Walter Markham (Letters, 16 September) seems just that wee bit off-message when he objects to fellow residents wishing to improve their travel opportunities, be it in the Borders or Buchan.
There is quite a swell, not just to re-open railways but increase frequencies such as at his home station. Many seniors, while having an entitlement card, do wish to travel by train from greatly improved litter-free stations, generally with well-kept gardens and the many advantages rail has over even express buses.
Railways were indeed built originally to carry freight quicker than by canal, but in the intervening 150 years the situation has changed. People have moved out of city centres and need fast and comfortable conduits to work from the new suburbia. Car parking is not available in many town centres.
By frequently speaking to folk at the Greenyards, Mansfield Park or Poynder Park, at garden centres, banks and supermarkets, I have discovered that the whole of the Borders were very positive about the reintroduction of the railway and the many benefits it will bring, as has already been shown elsewhere.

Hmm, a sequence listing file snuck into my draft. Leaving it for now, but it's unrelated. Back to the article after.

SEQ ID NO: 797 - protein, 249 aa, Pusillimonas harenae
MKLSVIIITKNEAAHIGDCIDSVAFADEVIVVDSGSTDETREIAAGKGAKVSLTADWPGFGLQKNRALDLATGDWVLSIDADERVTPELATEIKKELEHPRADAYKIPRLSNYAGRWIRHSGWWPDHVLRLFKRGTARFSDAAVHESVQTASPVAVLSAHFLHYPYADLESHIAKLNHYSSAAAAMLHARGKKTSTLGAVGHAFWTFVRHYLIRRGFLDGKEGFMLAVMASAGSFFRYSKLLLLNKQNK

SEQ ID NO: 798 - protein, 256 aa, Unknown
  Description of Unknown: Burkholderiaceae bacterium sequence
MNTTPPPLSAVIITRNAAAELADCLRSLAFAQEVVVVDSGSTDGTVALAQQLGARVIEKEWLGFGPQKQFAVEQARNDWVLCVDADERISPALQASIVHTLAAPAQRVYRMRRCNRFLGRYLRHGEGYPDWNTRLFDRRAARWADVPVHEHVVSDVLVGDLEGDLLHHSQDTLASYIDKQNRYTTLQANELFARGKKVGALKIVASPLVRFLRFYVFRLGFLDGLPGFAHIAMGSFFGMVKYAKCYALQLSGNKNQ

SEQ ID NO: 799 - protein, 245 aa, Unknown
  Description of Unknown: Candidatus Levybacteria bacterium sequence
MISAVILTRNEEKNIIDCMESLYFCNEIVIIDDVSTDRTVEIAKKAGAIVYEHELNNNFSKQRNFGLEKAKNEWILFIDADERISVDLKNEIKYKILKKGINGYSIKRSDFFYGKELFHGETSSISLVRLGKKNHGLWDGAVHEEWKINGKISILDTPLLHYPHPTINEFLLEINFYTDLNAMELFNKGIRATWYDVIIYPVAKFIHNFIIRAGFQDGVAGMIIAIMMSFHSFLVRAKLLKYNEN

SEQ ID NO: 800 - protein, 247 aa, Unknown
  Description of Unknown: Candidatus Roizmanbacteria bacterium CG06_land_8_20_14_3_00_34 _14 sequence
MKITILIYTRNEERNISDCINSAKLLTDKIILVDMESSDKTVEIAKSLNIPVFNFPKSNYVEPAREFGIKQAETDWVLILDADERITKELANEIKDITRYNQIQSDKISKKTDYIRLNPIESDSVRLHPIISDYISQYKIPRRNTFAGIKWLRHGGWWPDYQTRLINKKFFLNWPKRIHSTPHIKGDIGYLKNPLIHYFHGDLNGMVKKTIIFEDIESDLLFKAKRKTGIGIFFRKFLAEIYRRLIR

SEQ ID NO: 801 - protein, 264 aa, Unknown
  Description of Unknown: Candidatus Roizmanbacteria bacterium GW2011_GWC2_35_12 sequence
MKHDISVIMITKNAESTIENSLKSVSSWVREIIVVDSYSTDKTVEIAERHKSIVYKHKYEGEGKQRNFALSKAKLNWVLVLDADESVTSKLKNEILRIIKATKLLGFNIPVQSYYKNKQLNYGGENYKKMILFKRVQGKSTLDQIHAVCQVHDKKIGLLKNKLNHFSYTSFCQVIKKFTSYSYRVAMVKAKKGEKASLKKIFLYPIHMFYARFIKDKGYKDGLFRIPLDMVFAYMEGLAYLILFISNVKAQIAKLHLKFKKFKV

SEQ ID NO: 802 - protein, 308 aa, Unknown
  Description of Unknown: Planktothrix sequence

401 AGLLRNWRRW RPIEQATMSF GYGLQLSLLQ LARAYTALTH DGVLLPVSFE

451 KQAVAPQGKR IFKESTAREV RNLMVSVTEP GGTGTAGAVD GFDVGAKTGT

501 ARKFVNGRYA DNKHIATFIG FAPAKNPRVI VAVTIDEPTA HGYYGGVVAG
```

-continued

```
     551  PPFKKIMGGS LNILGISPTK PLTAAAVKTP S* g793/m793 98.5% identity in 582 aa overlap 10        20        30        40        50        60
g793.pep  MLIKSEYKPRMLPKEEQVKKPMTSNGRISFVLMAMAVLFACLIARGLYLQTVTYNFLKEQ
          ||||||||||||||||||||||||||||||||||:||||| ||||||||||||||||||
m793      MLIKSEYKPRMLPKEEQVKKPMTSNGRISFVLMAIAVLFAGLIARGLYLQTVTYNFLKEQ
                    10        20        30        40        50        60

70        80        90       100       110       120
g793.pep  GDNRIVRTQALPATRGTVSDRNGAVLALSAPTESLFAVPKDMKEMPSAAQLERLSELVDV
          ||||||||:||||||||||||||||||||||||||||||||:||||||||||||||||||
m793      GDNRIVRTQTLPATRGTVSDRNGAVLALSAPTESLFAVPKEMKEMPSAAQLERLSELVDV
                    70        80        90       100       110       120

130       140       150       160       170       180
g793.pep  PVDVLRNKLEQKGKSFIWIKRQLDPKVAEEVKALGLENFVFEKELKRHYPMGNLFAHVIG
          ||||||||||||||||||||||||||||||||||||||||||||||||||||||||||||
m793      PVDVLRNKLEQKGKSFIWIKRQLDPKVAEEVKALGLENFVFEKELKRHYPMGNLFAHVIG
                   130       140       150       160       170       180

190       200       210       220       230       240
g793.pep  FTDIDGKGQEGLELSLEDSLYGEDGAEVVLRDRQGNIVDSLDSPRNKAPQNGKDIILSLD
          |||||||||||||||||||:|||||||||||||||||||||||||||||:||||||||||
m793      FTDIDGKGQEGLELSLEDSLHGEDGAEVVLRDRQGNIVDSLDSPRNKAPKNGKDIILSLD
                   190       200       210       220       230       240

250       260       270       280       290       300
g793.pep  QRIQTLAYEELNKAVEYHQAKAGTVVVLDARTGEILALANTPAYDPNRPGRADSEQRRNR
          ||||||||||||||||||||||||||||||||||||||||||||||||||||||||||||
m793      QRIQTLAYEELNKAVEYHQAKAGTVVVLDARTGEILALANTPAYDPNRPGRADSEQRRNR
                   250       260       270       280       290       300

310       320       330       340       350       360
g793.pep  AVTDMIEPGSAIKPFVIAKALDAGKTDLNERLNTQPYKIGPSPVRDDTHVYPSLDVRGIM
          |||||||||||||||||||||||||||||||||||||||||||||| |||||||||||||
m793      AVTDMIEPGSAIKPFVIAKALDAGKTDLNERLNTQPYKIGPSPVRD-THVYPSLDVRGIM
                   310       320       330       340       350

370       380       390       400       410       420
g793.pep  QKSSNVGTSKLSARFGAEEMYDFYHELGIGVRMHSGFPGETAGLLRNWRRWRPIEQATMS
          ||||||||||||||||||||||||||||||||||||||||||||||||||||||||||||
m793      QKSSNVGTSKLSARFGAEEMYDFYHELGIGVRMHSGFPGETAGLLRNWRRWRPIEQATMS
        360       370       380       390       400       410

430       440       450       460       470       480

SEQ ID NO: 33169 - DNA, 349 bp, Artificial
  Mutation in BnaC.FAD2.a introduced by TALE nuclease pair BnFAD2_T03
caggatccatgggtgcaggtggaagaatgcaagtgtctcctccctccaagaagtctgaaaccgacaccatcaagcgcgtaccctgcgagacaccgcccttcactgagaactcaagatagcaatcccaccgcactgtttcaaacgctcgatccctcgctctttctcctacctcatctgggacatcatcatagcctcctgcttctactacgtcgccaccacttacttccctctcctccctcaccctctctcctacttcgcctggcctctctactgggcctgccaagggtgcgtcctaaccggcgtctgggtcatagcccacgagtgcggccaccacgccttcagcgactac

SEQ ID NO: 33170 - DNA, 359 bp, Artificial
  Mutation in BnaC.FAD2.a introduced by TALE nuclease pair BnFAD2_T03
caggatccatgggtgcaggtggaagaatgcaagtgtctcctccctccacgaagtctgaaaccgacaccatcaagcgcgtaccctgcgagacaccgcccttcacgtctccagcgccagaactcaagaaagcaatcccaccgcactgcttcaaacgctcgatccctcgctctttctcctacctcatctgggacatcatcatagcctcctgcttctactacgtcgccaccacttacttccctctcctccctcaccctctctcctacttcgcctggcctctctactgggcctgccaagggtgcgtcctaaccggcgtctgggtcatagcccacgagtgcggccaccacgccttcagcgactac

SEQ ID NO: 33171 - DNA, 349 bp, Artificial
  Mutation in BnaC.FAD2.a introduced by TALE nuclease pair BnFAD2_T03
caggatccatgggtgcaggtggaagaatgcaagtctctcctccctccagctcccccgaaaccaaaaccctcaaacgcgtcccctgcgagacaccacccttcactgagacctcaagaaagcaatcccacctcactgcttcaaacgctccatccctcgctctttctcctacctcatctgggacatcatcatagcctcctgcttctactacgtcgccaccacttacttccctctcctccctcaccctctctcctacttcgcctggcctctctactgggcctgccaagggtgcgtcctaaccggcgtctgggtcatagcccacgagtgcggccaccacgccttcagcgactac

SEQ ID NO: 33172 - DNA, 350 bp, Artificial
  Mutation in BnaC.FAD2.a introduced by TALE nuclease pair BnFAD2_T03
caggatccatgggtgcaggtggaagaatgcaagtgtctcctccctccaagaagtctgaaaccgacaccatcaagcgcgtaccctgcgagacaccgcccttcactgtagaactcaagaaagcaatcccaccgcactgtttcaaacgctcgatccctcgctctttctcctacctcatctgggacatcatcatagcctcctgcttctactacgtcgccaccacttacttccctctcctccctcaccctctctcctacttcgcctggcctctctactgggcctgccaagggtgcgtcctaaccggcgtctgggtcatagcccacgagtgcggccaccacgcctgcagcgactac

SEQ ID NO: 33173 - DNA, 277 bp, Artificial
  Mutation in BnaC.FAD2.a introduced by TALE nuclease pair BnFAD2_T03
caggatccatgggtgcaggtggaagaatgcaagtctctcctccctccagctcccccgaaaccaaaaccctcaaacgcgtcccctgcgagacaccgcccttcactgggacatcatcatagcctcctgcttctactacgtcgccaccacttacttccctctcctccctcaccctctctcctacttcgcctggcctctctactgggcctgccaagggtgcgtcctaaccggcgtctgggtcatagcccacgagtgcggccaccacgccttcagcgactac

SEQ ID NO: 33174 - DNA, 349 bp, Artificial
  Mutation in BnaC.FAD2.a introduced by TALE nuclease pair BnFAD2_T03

By the way, Eyemouth folk will soon be able to benefit from a reopened station at Reston, as will East Linton commuters from their new station.
Colin C Maclean
Extra trains to be provided for the Borders Line? Really?
Given that Abellio ScotRail positively shortens trains (Glasgow-Edinburgh and Inverness-Glasgow via Aberdeen), where are these extra trains to come from? I’ve just returned from an umpteenth visit to Germany. Managers of the national rail company Deutsche Bahn would surely gasp in disbelief at the sheer inability of both Abellio ScotRail and Transport Scotland to plan and provide for the custom of a new railway, quite apart from the appalling standards of the third-rate trains used on Scotland’s long-distance services.
First impressions count. I have to wonder how many potential travellers have endured one trip on the Borders Line and vowed “never again”. Who could blame them?